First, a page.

-adoption studies- studies show it runs in genes rather than caregiver/environment

47
Q

Schizophrenia

A

recurrence risk among offspring of one affected parent is 10x higher than the gen population

48
Q

Bipolar affective disorder

A

also called manic depressive disorder

  • risk rises 5-10% in an individual who has an affected first-degree relative as compared to normal, which is 0.5%
  • genes that affect serotonin, dopamine, and noradrenaline systems have been implicated
49
Q

Dominance and recessiveness

A

If two alleles are found together, then the allele that is observable is dominant and the one whose effects are hidden is recessive

50
Q

Carrier

A

Has a disease allele but is phenotypically normal; can pass disease to offspring

51
Q

Autosomal aneuploidy

A

Aneuploidy is a somatic cell that does not contain a multiple of 23 chromosomes.

  • Trisomy: cell contains 3 copies of one chromosome
  • Monosomy: presence of only 1 copy of any chromosome (is often fatal)
52
Q

Deletions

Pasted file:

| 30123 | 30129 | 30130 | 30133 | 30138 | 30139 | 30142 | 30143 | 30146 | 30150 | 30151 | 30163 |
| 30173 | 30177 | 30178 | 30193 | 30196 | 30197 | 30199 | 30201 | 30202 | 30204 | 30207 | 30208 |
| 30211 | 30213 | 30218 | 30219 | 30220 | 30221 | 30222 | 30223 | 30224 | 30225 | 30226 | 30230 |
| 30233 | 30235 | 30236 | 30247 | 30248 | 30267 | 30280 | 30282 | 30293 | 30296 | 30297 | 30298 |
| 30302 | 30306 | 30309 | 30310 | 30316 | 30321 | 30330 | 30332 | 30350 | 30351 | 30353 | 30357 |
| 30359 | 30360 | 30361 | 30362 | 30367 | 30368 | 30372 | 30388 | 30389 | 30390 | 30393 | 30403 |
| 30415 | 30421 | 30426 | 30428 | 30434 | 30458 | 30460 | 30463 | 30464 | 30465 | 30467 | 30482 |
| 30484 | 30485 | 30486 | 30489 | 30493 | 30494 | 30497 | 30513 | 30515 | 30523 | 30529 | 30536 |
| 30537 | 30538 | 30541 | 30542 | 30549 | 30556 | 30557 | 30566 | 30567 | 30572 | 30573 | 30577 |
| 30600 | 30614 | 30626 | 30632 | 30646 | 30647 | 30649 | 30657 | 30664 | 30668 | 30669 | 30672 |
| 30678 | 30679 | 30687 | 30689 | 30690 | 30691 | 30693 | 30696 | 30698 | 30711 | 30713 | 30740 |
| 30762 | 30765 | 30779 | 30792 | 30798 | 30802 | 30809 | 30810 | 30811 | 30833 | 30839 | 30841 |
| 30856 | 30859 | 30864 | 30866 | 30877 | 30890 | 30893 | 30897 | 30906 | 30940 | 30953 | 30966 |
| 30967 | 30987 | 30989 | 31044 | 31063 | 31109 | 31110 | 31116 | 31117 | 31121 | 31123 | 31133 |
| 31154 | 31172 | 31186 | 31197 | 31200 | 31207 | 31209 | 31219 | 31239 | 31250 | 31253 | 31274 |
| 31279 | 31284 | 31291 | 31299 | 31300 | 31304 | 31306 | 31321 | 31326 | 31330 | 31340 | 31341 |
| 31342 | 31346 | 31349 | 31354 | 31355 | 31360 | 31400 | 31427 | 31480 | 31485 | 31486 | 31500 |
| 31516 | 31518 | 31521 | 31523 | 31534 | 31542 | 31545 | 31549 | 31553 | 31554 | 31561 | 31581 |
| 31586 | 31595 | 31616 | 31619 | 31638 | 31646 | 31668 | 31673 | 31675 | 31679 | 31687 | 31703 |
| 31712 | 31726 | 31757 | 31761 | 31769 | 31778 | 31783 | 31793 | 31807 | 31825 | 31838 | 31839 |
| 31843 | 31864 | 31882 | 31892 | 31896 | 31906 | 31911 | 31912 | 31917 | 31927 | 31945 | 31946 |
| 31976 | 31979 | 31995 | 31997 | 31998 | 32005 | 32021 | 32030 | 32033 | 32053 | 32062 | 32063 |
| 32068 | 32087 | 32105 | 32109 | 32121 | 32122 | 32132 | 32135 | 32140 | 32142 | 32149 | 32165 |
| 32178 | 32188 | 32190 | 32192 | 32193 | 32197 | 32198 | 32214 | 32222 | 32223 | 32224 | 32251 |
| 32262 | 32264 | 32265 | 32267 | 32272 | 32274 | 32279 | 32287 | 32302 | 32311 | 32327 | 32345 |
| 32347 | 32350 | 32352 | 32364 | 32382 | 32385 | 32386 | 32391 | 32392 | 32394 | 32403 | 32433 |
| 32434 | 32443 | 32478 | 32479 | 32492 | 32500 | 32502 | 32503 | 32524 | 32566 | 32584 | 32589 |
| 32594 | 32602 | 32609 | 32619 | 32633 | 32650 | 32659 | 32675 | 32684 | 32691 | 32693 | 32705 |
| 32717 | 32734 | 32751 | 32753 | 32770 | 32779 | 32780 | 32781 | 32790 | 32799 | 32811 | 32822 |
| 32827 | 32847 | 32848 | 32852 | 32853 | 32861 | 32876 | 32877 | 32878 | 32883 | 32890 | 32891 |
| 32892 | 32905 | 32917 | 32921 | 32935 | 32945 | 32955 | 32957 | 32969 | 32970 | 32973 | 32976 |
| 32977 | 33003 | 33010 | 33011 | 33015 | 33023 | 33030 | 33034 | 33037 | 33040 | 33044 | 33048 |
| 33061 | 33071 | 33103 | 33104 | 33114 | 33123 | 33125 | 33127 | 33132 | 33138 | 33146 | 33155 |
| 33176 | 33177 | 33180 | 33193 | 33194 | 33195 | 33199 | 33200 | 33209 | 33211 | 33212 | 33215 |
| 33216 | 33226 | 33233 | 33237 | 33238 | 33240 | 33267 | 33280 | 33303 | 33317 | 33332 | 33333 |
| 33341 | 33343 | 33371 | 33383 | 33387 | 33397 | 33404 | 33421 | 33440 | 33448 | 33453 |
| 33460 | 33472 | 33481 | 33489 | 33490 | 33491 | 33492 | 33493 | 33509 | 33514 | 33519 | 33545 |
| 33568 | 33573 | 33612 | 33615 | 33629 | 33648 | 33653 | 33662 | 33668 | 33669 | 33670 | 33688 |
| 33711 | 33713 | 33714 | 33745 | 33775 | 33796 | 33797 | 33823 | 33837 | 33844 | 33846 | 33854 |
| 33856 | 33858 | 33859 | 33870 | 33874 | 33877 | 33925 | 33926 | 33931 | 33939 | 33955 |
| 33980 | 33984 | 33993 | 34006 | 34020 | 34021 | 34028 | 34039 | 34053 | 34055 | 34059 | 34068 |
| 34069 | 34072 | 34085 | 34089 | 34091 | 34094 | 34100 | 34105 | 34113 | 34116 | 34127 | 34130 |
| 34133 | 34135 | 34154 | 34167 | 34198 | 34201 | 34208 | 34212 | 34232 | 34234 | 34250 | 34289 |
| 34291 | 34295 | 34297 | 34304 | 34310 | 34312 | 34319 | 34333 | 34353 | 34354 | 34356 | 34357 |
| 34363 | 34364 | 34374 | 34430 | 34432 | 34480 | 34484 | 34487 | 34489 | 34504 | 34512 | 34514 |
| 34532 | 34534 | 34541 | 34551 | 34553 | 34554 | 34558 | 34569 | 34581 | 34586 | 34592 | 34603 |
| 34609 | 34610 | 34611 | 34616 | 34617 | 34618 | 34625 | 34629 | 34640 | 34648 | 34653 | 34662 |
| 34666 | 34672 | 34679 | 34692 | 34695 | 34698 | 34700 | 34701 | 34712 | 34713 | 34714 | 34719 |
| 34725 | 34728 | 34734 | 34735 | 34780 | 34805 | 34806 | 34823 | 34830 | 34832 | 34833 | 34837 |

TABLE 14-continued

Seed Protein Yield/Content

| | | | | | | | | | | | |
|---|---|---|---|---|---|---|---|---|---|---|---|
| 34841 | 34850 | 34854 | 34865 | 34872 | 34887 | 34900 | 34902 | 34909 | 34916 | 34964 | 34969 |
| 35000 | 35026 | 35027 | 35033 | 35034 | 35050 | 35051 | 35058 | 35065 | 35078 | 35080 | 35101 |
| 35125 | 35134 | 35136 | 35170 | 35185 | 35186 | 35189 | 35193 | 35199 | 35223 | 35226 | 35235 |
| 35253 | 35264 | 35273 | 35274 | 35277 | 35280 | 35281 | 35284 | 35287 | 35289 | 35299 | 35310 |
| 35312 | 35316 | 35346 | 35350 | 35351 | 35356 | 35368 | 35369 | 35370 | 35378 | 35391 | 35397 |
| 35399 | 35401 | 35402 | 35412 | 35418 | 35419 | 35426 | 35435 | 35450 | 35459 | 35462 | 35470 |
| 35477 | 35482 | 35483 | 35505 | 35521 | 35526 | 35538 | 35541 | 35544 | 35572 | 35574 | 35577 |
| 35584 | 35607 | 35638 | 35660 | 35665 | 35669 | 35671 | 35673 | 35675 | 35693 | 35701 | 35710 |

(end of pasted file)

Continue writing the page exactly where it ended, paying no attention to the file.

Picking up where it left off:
A

chromosome breakage or loss of DNA

-ex: cri du chat syndrome; “cry of the cat”-low birth weight, mentally challenged, and microcephaly

53
Q

Duplications

A

excess genetic material; usually have less serious complications

54
Q

Inversion

A

chromosomal rearrangement in which a chromosome segment is inverted
-ABCDEFG becomes ABEDCFG

55
Q

Translocation

A

the interchange of genetic material between nonhomologous chromosomes

56
Q

Fragile sites

A

chromosome develops breaks and gaps when the cells are cultured in a folate-deficient medium

57
Q

Congenital malformations

A

congenital diseases present at birth; having other disorders along with the congenital disease is common

58
Q

Concordant traits

A

both members of a twin pair share a trait;

more genetic

59
Q

Discordant traits

A

A twin pair does not share a trait;

more environmental

60
Q

Polygenic trait s

A

effects of multiple genes cause the variations in traits

-focus is on the genes- usually many (poly) genes

61
Q

Multifactoral traits

A